Aldo Oumouden, spokesman of a mosque in Saint Étienne, responded:
"France is multicultural and banning the veil at this facility is an attack on the individual freedom of Muslims and does not even distinguish between Burkini and headscarf. How is it that the veil is aggressive or dangerous for the population? It does not represent any health problem, and there is no interference with the freedom of others. Does Mayor Tardy not realize that this decision will further stigmatize Muslims? It is not only unnecessary but also devastating for community harmony."
In July, an appeals court in Marseille validated the ban on Burkinis in Sisco, a town in Corsica, in the interests of maintaining public order. Mayor Ange-Pierre Vivoni argued the ban was necessary to avoid a repeat of fighting between local youths and Muslims in August 2016, when five people were hurt. Muslims went on a rampage after a tourist took a photograph of several Burkini-clad women swimming in a creek. More than 400 people eventually joined the brawl, in which local Corsicans clashed with migrants from North Africa. The following day, more than 500 Corsicans marched through the town shouting "To arms! This is our home!"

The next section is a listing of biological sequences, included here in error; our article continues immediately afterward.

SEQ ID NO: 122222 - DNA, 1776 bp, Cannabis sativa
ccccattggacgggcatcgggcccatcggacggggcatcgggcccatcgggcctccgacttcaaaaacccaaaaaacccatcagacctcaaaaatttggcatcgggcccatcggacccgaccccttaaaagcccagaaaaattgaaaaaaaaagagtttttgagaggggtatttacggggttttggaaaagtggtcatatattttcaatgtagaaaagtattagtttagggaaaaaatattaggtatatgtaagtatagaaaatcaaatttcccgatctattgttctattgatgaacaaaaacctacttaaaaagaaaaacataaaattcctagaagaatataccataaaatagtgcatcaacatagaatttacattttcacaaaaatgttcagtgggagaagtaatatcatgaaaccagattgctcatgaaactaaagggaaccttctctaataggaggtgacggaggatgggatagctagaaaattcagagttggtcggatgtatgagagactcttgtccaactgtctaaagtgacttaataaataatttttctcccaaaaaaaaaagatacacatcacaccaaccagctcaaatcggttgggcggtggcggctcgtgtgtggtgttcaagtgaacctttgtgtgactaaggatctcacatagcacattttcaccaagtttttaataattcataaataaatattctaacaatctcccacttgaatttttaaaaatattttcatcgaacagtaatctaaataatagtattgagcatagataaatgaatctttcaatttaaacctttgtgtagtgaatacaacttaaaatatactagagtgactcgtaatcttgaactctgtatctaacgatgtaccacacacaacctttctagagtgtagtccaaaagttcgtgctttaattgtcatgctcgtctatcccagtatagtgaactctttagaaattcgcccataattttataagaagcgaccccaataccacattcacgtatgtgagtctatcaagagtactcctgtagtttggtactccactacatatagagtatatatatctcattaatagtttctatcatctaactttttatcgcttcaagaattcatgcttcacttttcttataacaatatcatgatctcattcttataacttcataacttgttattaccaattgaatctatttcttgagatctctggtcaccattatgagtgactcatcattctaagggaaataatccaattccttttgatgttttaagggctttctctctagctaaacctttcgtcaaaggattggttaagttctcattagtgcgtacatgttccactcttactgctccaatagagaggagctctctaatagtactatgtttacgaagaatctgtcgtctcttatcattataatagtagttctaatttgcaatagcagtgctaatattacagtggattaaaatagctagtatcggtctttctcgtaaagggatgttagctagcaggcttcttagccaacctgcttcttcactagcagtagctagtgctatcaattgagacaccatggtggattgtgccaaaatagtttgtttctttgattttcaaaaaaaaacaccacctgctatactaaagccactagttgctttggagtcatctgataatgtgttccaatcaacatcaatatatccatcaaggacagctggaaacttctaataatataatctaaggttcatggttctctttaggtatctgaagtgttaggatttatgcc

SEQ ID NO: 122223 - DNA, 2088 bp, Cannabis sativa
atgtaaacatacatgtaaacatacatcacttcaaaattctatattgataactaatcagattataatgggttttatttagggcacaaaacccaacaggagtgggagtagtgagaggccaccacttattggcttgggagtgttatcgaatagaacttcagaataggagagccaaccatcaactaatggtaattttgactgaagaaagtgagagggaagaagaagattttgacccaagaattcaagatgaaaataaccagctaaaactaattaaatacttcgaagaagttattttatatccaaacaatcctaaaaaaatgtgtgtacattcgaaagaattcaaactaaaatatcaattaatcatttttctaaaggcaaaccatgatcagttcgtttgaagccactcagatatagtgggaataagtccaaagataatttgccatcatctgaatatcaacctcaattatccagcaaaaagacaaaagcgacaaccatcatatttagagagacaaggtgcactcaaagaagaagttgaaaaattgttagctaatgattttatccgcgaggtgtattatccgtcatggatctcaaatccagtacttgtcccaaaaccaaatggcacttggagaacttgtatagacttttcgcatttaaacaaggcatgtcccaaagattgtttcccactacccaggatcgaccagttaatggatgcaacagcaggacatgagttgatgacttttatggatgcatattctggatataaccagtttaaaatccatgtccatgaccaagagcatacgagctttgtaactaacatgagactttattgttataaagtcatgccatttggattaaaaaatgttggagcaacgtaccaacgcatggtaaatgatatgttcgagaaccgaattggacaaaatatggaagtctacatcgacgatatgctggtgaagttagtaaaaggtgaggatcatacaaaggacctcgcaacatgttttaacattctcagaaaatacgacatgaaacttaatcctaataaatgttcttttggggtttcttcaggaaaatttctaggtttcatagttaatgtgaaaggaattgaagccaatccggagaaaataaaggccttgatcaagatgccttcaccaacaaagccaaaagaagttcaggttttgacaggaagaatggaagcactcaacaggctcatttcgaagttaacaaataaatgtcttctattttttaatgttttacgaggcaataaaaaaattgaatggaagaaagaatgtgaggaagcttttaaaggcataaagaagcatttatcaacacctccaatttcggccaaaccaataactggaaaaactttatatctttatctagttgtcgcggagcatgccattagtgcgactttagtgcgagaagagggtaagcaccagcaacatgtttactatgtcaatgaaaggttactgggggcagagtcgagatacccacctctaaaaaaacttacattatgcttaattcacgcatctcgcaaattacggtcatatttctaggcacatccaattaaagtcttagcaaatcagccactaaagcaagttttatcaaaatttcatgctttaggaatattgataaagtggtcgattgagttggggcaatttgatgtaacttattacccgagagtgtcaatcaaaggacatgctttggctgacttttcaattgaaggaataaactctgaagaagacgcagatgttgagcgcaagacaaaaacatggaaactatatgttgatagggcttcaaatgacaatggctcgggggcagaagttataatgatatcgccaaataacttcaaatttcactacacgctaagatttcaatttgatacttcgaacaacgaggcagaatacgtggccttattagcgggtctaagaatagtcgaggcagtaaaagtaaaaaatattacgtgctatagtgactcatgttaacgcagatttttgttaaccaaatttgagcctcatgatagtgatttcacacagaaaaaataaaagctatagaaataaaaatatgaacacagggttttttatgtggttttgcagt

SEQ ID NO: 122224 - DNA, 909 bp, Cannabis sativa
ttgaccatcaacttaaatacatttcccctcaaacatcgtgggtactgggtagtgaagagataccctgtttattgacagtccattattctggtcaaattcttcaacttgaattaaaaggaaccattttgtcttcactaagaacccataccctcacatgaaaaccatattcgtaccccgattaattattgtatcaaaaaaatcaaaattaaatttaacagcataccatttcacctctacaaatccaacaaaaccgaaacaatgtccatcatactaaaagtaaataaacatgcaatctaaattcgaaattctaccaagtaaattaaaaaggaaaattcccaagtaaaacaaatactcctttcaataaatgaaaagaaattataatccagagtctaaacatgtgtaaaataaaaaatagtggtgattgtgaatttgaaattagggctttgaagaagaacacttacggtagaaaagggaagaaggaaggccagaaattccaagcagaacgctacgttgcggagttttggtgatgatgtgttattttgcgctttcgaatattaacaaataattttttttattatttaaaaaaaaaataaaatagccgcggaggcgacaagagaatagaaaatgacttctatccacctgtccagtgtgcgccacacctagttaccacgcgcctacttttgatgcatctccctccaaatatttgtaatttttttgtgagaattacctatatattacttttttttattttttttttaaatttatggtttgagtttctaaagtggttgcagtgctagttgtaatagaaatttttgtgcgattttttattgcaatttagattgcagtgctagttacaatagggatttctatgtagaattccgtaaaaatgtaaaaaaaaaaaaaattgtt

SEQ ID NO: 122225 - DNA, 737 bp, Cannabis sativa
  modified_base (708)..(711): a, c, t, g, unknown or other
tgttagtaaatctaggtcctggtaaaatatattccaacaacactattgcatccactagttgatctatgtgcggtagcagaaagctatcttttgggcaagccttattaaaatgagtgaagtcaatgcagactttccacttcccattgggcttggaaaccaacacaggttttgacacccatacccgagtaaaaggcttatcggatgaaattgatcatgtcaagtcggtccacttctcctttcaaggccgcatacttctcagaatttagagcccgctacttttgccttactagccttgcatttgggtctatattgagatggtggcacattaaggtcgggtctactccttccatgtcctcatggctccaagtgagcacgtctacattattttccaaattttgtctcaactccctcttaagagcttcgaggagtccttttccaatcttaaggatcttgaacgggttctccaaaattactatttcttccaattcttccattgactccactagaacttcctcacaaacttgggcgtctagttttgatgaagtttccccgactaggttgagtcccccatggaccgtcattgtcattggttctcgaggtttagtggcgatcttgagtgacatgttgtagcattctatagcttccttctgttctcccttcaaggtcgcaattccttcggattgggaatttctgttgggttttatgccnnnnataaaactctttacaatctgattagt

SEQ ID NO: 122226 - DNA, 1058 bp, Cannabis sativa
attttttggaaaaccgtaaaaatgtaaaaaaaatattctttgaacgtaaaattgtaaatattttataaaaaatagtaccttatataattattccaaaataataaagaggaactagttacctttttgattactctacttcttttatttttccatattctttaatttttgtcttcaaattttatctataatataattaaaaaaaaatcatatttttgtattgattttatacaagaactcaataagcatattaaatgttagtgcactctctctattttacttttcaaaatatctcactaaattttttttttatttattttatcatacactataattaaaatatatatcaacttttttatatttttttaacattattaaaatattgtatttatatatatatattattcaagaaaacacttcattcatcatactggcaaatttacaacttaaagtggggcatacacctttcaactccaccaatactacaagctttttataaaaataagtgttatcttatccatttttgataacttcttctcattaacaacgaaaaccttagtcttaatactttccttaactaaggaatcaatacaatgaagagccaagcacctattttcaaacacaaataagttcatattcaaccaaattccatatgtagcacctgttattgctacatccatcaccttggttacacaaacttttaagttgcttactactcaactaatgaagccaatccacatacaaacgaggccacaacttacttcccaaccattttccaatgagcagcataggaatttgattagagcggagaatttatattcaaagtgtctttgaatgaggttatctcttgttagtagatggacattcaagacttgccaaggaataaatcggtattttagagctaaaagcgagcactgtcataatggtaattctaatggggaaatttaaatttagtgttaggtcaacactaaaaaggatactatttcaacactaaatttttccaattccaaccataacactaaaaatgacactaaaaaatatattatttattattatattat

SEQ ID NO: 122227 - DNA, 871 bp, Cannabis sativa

In May, a dozen Muslim women were arrested for holding a pro-Burkini protest during the Cannes International Film Festival in Cannes. The women were wearing red, white and blue Burkinis along the town's famous promenade. Police said the women did not have a permit to protest.
In March, the frontrunners in the French presidential election clashed over the Burkini in a television debate. Marine Le Pen accused Emmanuel Macron of "defending the Burkini." Macron accused Le Pen of "dividing society." According to Le Pen, the Burkini is a "fundamentalist uniform."